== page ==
New “Corrupted Nerds” podcast, and we’re on iTunes

Cover art for Corrupted Nerds: Conversations episode 4: click for podcast web pageTwo more small steps in Corrupted Nerds’ plans for world domination: I’ve posted a new episode, and the podcast is listed in Apple’s iTunes Store.

Episode 4 of Corrupted Nerds: Conversations is a chat with Dr Kerry Hinton from the Centre for Energy-Efficient Telecommunications (CEET) about the looming energy crisis that’s being brought on by the move to cloud computing and, in particular, millions upon millions of inefficient wireless devices.

It’s a remarkably engaging conversation about how the internet consumes electricity.

Meanwhile, Apple’s approval process for the iTunes store was passed, and we’re listed, so that’ll make it easier for many people to subscribe. I’ve written a blog post explaining the different subscription options.

With four Conversations episodes online, plus an Extra with Senator Brett Mason’s speech from last year that inspired the title, it’s time for me to start tidying things up for some fundraising and sponsorship-seeking, so stand by for some news on that front very soon.

“Corrupted Nerds” podcast goes cloud and big data

Cover art for "Corrupted Nerds: Conversations" episode 3: click for podcast web pageI’ve finally posted a new episode of my Corrupted Nerds podcast, a wide-ranging conversation with Peter Coffee, vice-president and head of platform research at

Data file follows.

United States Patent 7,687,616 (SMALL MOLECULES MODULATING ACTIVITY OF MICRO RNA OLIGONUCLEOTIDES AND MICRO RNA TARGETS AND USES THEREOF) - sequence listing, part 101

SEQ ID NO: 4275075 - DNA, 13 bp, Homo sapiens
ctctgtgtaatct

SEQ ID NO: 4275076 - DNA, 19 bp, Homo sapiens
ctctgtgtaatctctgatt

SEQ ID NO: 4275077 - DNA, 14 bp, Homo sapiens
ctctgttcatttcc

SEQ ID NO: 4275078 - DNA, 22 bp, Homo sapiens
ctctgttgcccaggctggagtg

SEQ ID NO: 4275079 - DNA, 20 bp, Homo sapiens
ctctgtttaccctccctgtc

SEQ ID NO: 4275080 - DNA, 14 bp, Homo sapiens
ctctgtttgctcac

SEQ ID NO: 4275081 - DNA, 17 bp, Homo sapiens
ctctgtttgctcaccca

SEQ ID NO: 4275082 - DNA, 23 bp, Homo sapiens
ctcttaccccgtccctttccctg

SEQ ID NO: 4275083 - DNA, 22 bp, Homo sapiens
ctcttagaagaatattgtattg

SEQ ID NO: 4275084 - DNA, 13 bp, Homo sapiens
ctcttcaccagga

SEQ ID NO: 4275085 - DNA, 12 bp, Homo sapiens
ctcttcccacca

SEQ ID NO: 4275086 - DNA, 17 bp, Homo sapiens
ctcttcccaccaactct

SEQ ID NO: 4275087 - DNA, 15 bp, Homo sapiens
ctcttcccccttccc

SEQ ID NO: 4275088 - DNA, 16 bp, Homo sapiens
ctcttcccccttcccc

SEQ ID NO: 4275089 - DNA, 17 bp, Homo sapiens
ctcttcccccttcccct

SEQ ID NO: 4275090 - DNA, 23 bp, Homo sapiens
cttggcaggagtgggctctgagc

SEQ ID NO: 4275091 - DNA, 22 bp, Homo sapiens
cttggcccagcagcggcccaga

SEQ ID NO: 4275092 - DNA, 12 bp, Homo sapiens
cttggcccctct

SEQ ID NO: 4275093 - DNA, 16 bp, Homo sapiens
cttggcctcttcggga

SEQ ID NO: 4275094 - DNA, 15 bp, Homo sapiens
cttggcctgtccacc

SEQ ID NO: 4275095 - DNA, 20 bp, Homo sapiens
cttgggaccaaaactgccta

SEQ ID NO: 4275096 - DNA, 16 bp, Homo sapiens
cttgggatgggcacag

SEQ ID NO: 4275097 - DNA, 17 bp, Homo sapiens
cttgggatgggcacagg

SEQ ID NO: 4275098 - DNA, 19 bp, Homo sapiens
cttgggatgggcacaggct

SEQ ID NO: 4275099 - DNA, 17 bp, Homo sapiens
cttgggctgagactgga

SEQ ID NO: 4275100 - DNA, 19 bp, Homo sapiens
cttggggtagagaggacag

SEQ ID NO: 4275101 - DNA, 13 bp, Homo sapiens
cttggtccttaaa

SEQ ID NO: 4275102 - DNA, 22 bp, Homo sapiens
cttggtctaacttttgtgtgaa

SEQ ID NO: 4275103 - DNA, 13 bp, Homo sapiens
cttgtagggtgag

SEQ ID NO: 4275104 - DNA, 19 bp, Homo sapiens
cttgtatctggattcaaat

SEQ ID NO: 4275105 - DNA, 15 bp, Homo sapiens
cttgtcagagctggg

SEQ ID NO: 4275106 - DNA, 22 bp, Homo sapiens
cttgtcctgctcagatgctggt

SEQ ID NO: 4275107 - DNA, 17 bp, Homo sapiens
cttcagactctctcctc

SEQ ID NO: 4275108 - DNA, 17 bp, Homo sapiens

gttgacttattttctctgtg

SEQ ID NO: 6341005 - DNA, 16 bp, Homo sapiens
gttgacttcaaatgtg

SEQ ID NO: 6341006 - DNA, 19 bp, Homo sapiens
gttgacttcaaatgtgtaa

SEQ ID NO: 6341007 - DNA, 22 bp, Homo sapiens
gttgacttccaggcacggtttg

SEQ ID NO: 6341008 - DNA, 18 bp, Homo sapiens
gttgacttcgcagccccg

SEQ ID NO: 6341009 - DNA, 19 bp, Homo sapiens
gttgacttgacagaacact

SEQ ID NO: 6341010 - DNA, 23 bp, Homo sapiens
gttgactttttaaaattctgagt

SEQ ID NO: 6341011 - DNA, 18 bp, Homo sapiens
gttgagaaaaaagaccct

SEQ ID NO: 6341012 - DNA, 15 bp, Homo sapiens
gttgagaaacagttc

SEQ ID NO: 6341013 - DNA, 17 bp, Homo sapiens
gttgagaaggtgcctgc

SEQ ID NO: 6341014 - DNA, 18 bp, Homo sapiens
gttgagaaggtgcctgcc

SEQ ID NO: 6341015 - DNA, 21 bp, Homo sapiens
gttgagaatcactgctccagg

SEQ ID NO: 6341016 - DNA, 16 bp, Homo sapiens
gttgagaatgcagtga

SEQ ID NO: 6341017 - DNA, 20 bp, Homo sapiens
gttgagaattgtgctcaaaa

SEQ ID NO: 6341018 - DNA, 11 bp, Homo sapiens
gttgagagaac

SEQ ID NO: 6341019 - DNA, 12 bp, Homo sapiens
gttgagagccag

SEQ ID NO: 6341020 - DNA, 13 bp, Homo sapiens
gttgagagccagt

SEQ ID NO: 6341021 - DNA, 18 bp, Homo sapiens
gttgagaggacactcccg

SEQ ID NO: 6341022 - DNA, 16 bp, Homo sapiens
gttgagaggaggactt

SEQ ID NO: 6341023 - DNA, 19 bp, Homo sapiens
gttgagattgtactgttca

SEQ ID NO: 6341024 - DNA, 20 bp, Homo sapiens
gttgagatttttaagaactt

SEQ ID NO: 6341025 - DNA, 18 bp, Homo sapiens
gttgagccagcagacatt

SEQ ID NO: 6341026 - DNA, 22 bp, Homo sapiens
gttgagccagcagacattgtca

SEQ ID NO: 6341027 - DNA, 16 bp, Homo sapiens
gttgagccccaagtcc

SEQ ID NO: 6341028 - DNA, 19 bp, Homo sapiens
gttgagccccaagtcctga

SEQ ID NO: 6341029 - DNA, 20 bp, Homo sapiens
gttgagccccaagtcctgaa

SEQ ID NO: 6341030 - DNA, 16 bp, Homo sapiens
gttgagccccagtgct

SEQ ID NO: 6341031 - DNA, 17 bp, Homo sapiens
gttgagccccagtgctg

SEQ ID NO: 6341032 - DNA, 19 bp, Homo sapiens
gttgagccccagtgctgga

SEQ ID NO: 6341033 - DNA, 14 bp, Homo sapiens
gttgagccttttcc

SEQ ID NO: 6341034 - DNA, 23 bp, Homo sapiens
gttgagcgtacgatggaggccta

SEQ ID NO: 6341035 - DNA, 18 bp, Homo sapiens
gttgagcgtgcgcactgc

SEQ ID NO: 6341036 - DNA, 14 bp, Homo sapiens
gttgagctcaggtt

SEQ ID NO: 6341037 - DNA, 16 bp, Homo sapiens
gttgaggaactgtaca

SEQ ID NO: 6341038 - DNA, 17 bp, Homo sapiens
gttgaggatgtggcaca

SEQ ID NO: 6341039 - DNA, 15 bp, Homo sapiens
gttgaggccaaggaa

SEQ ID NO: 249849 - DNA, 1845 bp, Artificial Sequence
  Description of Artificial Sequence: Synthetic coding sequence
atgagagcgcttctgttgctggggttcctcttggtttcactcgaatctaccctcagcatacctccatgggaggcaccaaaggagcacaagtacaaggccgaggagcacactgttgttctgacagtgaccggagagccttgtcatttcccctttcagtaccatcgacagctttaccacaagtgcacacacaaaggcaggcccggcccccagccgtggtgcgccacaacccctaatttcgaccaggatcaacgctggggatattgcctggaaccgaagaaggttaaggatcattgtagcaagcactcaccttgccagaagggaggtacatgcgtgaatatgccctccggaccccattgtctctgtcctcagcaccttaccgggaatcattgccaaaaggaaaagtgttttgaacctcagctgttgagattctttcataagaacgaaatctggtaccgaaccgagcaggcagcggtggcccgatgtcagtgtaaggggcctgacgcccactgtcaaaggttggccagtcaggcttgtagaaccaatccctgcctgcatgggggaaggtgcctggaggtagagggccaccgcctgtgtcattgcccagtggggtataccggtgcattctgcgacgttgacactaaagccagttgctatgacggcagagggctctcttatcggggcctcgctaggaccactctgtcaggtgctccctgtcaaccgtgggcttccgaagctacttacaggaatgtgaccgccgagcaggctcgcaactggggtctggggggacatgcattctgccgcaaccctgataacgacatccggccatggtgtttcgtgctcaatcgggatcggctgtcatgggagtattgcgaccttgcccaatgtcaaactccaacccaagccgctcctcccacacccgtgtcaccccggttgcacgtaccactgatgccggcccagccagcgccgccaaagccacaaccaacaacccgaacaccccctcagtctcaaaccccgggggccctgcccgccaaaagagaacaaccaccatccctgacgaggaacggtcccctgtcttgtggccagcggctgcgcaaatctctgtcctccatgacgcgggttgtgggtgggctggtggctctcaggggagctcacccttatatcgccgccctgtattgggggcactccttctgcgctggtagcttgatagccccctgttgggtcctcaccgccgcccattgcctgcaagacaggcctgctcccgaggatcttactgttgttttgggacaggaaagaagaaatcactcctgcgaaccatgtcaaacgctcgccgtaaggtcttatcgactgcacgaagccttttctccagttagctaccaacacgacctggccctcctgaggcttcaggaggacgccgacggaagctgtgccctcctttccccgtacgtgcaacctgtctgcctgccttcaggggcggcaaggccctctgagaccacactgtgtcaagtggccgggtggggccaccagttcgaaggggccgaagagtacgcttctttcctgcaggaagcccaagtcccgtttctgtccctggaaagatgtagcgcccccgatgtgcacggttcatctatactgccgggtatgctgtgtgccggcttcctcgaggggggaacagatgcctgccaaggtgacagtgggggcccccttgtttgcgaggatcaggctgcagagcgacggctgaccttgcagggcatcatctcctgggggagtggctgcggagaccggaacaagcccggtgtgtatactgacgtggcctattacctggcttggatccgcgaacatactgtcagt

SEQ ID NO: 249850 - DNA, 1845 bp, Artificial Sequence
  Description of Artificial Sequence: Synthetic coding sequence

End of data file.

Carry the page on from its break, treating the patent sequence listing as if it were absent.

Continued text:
Cloud computing is inevitable, says Coffee. “Processing power has grown at about 25% per year, and compounded over a period of 30-some years that’s a lot. But bandwidth has grown at about 45% per year over that same period of time.”

So whatever the application, no matter how complex, eventually it’ll be cheaper to process the data somewhere else, and your device — desktop, laptop, tablet or smartphone — only has to manage presentation and interaction.

I’d been wanting to catch up with Coffee for two or three years, and we finally managed to arrange being in the same room at the same time. I thoroughly enjoyed this conversation, and I think you’ll enjoy it too.

Weekly Wrap 108: June lull not lulz

Here’s a quick wrap of my week from Monday 25 June to Sunday 1 July 2012, mostly so the media output is documented. I won’t bother with a photo for now.


None. Long story, which I’ve started writing a post about. Stay tuned.


Media Appearances


Corporate Largesse

None. In the last week of the financial year everything goes very, very quiet.

The Week Ahead

With Bunjaree Cottages booked out for most of the school holidays, I’m lurking in a SEKRIT location in Sydney. Work plods along in the background. It’s nothing very exciting.


Most of my day-to-day observations are on my high-volume Twitter stream, and random photos and other observations turn up on my Posterous stream (or they used to before my phone camera got a bit too scratched up) and via Instagram. The photos also appear on Flickr, where I eventually add geolocation data and tags. Yes, I should probably update this stock paragraph to match the current reality.

ZDNet Live: Bringing the Cloud Down to Earth

Thursday’s ZDNet Live panel discussion went rather well — even if it was another goddam thing about the cloud — and the video is posted below.